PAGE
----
Currently, this code is very simple—it renders the layout, activity_main.xml, onto the screen.
The next step is to run the project. For this, we need a device in which to install and run our app. Let’s create a virtual one!
- Where to find Device Manager.
- How to create Android emulator under device manager.
- Name the Android emulator Virtual Device.
- Select the OS version on the emulator
- Select the Android device skin for emulator
- Where to find newly created Android emulator
We are all set now. Let’s run our project by pressing the play button that will run the app in the emulator we just created.
- How to run a project.
- Preview after running the default template project.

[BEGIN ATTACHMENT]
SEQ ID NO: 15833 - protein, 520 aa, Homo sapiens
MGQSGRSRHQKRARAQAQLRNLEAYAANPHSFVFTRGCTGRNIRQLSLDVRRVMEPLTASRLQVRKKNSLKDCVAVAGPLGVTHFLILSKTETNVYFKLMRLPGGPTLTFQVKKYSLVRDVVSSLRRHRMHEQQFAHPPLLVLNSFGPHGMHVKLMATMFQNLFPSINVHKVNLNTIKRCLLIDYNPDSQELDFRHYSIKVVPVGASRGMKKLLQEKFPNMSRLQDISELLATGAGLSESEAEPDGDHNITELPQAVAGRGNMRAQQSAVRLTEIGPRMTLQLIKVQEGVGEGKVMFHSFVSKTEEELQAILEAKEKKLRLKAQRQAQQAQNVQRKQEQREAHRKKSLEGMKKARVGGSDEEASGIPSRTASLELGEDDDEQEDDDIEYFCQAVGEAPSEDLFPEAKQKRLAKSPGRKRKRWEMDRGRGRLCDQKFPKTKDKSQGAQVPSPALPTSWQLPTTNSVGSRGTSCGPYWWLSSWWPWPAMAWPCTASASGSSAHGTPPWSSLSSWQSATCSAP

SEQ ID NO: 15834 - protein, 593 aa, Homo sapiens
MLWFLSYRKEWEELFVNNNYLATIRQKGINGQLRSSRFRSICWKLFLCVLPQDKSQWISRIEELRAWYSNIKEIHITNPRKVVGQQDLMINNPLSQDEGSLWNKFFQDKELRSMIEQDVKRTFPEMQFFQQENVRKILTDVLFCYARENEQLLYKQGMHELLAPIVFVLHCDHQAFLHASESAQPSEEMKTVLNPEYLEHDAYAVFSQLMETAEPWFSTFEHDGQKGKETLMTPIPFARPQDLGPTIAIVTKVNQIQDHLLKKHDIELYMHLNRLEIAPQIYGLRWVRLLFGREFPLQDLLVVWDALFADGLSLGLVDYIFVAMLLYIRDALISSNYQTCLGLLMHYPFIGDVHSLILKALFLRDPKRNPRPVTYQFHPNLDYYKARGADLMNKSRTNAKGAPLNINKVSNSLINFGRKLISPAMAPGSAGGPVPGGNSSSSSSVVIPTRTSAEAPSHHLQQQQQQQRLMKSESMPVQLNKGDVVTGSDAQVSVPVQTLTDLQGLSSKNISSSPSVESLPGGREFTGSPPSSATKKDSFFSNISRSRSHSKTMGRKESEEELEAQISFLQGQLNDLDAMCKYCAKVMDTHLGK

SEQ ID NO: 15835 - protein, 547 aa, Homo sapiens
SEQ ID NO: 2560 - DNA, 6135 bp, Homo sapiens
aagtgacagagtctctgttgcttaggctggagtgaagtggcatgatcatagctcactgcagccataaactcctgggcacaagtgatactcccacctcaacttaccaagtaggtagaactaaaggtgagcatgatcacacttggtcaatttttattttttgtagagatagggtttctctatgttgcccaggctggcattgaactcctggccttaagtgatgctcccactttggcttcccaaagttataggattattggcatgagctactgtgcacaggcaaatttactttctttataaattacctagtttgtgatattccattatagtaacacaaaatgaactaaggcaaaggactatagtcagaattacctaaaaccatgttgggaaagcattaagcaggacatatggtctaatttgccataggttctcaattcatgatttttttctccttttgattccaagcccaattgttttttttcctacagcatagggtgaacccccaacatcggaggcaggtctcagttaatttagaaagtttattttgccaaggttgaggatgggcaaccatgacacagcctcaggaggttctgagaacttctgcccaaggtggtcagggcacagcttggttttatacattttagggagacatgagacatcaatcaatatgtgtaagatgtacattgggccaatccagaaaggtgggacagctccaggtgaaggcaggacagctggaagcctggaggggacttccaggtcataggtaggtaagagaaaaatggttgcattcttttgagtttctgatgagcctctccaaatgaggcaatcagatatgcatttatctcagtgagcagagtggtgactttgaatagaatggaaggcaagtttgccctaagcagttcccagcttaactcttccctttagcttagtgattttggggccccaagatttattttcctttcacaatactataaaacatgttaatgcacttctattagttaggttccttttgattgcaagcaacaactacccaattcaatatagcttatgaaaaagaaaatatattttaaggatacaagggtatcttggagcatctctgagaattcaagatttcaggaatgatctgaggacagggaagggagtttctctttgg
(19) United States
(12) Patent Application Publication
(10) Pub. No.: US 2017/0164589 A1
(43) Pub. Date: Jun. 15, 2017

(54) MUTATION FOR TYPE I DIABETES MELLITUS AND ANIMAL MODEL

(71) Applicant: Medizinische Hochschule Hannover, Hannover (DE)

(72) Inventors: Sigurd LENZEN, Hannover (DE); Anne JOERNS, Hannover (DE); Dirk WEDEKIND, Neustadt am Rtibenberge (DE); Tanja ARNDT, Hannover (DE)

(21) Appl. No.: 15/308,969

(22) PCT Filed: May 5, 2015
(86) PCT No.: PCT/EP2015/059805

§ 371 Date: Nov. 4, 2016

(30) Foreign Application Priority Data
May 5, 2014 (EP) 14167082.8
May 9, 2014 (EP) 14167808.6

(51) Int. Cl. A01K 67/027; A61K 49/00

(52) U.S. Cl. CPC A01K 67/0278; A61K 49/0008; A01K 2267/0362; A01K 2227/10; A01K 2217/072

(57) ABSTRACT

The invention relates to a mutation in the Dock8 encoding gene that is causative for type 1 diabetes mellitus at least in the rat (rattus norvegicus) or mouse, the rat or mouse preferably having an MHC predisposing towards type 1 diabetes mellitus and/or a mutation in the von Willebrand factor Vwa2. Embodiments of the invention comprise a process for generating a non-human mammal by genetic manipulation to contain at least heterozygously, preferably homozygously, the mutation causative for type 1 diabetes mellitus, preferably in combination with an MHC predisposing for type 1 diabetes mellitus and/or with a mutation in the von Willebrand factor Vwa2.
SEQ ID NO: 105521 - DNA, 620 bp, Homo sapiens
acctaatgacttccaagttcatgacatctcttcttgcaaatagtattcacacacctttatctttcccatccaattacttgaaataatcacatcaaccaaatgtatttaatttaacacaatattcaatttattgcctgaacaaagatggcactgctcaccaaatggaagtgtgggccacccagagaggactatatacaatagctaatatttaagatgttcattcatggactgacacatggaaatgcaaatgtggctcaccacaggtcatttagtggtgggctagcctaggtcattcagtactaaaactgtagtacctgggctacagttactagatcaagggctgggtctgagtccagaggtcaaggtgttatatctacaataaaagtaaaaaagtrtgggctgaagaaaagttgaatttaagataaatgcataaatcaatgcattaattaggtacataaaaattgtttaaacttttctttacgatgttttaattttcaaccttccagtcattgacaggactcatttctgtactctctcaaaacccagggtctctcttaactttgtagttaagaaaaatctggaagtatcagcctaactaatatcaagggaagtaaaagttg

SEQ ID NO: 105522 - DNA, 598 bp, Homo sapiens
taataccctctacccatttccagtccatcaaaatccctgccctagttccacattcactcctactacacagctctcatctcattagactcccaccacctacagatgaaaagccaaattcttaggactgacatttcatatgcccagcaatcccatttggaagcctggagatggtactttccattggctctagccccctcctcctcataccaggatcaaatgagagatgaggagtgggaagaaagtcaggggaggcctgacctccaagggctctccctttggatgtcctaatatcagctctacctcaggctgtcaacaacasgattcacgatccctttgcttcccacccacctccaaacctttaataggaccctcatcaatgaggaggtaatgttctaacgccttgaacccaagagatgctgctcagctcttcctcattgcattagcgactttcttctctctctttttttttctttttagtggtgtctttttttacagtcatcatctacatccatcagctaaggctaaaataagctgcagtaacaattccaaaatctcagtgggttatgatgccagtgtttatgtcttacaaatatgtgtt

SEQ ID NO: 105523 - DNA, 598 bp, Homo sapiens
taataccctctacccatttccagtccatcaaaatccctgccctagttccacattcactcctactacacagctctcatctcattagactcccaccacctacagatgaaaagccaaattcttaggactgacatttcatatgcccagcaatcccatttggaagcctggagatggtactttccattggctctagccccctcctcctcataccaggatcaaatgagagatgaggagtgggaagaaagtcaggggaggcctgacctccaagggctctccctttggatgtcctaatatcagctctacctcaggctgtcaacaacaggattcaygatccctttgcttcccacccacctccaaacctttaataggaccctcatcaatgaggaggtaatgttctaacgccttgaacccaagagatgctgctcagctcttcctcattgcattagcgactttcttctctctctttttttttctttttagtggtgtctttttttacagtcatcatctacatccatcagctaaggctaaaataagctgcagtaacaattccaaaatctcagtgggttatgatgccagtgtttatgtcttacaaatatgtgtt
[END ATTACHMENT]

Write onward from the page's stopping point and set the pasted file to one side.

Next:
Good job! You just launched your first Android app with a few clicks.
Step 4: From newbie to professional
Let's take our application to the next level and personalize it. Next, we’ll update our screen to take an input from the user and display it back on the screen.
- Update the screen or UI: To do this, open the “activity_main” file under the res (AKA resource) folder, and then add an EditText to capture user input and a button to display text on the screen.
Our updated screen should look like this. You can find the code in our Github repo.
Updating our activity: Now, we will add logic to intercept the username and display it back on screen. Activity classes are responsible for rendering the screen. Therefore, all logic for capturing user input will be added to the activity.
EditText, which we have already added to XML for receiving the user input, can be accessed using findViewById property like:
And then, user input can be captured by using text property of EditText:
For the button, we access it in a similar way and add a click listener to it: